Figure 2 TPAc changes of S. aurata fillets during storage at 4 ± 1 °C, control group (C), vacuum packed (VP) and chitosan film coated and vacuum packed (CF+VP) samples. While different lowercase letters define significant (P < 0.05) differences between each group for the during storage, different uppercase letters define the group differences (P < 0.05) on the same day. 

3.2 Assesment of physicochemical analysis

pH changes of the sample groups were given on Figure 3. Initially, pH was measured at 6.12. The pH values of all the sample groups fluctuated during storage. Similar results were reported by Doğan & İzci (2017), in a study where hot smoked Oncorhynchus mykiss fillets were coated with chitosan and stored at 4 ± 1 °C, and by Günlü & Koyun (2013) using vacuum packed and chitosan film coated Dicentrarchus labrax fillets.

Figure 3 pH changes of S. aurata fillets during storage at 4 ± 1 °C, control group (C), vacuum packed (VP) and chitosan film coated and vacuum packed (CF+VP) samples. While different lowercase letters define significant (P < 0.05) differences between each group for the during storage, different uppercase letters define the group differences (P < 0.05) on the same day. 

The TVB-N is very commonly used in the determination of spoilage of seafood (Ruiz-Capillas & Moral, 2001). Huss (1988) reported that acceptable TVB-N limit values are 30-35 mg /100 g. At the beginning, TVB-N value was found as 14.28 mg/100 g. Similar results were reported by different researchers studying who studied on ice stored S. aurata (Tejada & Huidobro, 2002; Grigorakis et al., 2003; Kılınc et al., 2007). Günlü & Koyun (2013) stated that TVB-N increased with during the storage (4 °C) in control, vacuuming, chitosan covering and vacuuming D. labrax fillet samples. In our study, the TVB-N value increased in all sample groups in relation to time with storage period (Figure 4). The minimum TVB-N value in all of the samples was found in CF+VP samples. These results advised that coating with chitosan may effect on delaying the increase of the TVB-N value. Similar results were also reported by different researchers (Fan et al., 2009; Gómez-Estaca et al., 2010; Ojagh et al., 2010; Alak et al., 2010; Li et al., 2013).

Figure 4 TVB-N changes of S. aurata fillets during storage at 4 ± 1 °C, control group (C), vacuum packed (VP) and chitosan film coated and vacuum packed (CF+VP) samples. While different lowercase letters define significant (P < 0.05) differences between each group for the during storage, different uppercase letters define the group differences (P < 0.05) on the same day.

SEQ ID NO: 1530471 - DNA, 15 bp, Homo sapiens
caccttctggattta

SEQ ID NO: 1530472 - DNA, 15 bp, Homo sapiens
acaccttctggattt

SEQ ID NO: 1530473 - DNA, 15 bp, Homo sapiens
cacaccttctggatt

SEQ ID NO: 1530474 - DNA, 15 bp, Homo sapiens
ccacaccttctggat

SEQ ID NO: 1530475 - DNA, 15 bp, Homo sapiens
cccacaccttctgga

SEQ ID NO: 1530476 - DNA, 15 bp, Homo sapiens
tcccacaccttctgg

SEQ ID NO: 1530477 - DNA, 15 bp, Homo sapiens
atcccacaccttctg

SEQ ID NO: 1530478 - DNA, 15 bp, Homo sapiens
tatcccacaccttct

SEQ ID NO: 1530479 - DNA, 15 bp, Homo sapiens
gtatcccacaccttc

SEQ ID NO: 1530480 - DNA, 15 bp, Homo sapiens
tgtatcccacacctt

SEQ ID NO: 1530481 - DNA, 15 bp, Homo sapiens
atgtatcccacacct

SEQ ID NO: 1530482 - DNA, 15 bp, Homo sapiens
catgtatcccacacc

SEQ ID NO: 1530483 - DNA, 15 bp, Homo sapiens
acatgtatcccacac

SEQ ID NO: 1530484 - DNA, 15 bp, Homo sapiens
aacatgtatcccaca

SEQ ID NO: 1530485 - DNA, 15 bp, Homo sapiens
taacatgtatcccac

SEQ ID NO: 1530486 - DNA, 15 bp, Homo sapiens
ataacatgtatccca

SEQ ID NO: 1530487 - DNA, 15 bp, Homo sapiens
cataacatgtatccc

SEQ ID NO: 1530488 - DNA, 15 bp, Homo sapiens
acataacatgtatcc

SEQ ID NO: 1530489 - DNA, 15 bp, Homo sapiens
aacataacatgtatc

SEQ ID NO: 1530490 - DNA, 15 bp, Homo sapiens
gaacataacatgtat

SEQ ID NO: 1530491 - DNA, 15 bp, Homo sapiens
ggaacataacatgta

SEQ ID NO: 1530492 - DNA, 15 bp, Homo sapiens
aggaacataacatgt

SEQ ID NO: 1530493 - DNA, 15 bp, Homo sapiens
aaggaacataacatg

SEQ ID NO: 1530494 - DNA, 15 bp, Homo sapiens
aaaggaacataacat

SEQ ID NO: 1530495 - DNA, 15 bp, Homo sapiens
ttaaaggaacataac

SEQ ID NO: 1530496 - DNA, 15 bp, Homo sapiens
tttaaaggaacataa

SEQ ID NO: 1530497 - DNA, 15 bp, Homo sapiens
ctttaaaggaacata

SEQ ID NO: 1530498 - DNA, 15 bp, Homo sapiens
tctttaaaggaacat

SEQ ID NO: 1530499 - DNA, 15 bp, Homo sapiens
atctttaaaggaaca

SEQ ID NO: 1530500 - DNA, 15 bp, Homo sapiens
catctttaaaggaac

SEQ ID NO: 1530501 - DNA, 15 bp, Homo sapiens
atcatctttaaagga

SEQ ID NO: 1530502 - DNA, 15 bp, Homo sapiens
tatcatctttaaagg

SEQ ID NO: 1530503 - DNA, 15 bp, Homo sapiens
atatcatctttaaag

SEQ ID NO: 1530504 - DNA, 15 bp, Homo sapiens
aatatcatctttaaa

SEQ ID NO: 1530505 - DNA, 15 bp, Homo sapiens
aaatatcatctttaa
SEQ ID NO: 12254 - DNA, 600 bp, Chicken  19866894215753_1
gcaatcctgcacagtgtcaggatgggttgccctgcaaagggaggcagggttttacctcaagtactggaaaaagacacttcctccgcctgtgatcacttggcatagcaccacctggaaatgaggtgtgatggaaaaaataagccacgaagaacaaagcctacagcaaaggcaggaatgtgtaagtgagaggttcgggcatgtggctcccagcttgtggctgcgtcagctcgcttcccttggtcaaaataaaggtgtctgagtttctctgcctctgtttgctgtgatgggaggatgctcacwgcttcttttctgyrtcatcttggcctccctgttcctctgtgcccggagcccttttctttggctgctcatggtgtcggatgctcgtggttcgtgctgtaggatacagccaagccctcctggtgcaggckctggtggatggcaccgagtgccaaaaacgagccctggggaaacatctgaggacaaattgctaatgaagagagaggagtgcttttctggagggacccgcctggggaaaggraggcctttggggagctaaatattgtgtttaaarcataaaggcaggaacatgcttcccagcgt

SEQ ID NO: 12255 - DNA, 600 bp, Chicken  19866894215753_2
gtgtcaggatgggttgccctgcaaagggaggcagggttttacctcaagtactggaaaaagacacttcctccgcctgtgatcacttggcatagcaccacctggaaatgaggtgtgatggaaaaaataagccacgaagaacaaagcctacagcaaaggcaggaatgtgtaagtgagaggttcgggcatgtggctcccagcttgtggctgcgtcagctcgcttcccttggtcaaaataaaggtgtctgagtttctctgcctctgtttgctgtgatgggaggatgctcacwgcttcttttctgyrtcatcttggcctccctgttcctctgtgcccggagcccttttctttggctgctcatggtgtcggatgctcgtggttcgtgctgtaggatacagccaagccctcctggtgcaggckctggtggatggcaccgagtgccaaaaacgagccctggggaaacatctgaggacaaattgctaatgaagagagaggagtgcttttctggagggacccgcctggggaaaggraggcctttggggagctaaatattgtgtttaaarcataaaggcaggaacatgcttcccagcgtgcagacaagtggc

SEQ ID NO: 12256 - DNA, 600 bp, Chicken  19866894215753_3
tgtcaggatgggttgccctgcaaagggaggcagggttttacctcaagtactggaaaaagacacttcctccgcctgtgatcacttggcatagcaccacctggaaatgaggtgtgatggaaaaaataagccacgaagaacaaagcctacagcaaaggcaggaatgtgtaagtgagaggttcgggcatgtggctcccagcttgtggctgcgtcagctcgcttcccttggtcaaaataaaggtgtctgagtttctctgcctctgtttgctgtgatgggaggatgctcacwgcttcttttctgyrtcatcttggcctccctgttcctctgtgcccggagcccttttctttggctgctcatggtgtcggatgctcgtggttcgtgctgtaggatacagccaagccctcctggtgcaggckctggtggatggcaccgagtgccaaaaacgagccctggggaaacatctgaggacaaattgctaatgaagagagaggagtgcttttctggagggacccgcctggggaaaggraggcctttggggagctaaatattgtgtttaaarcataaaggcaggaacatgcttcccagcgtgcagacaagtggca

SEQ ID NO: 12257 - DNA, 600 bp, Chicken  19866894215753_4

Lipid oxidation is an important issue for quality of food. It causes oxidative rancidity in fat containing foods. TBA is one of the important indicators of oxidative rancidity (Özogul et al., 2005). TBA value of the fish flesh over 3-4 mg MDA/kg is an accepted indicator of quality loss (Köse et al., 2001). Schormüller (1968) stated a consumability limit value of TBA as 8 mg MDA/kg. In the study, at first the TBA was determined 0.37 mg MDA/kg. The limit value was not exceeded in all sample groups during storage (Figure 5). Kyrana et al. (1997) stated that TBA level was 0.67 mg MDA/kg at the beginning of the storage of iced gilthead sea bream in the refrigerator and reached to 1.07 mg MDA/kg 24 days later. Cakli et al. (2007) stated that at first TBA value of the ice stored S. aurata and D. labrax respectively as 0.360 mg MDA/kg and 0.259 mg MDA/kg. These values increased on the 18th storage day up to 0.949 mg MDA/kg and 1.415 mg MDA/kg. Kılınc et al. (2007) reported the initial TBA value of the slurry ice and flake ice stored sea bream respectively as 0.51 mg MDA/kg and 0.65 mg MDA/kg, and these values increased on the 15th storage day up to 2.19 mg MDA/kg and 3.00 mg MDA/kg. Mohan et al. (2012) coated Indian oil sardine (Sardinella longiceps) fillets (double style) with 1% and 2% chitosan solution and by storing in ice examined the quality changes. Researchers initially identified the TBA for all samples as 0.32 mg MDA/kg and at the end of the 11 day storage time, the TBA value of the samples coated with 1% chitosan solution was 2.65 mg MDA/kg and with 2% chitosan solution 2.41 mg MDA/kg. Sathivel (2005) also stated that chitosan coating (1% and 2% chitosan solution) was effective in decreasing lipid oxidation.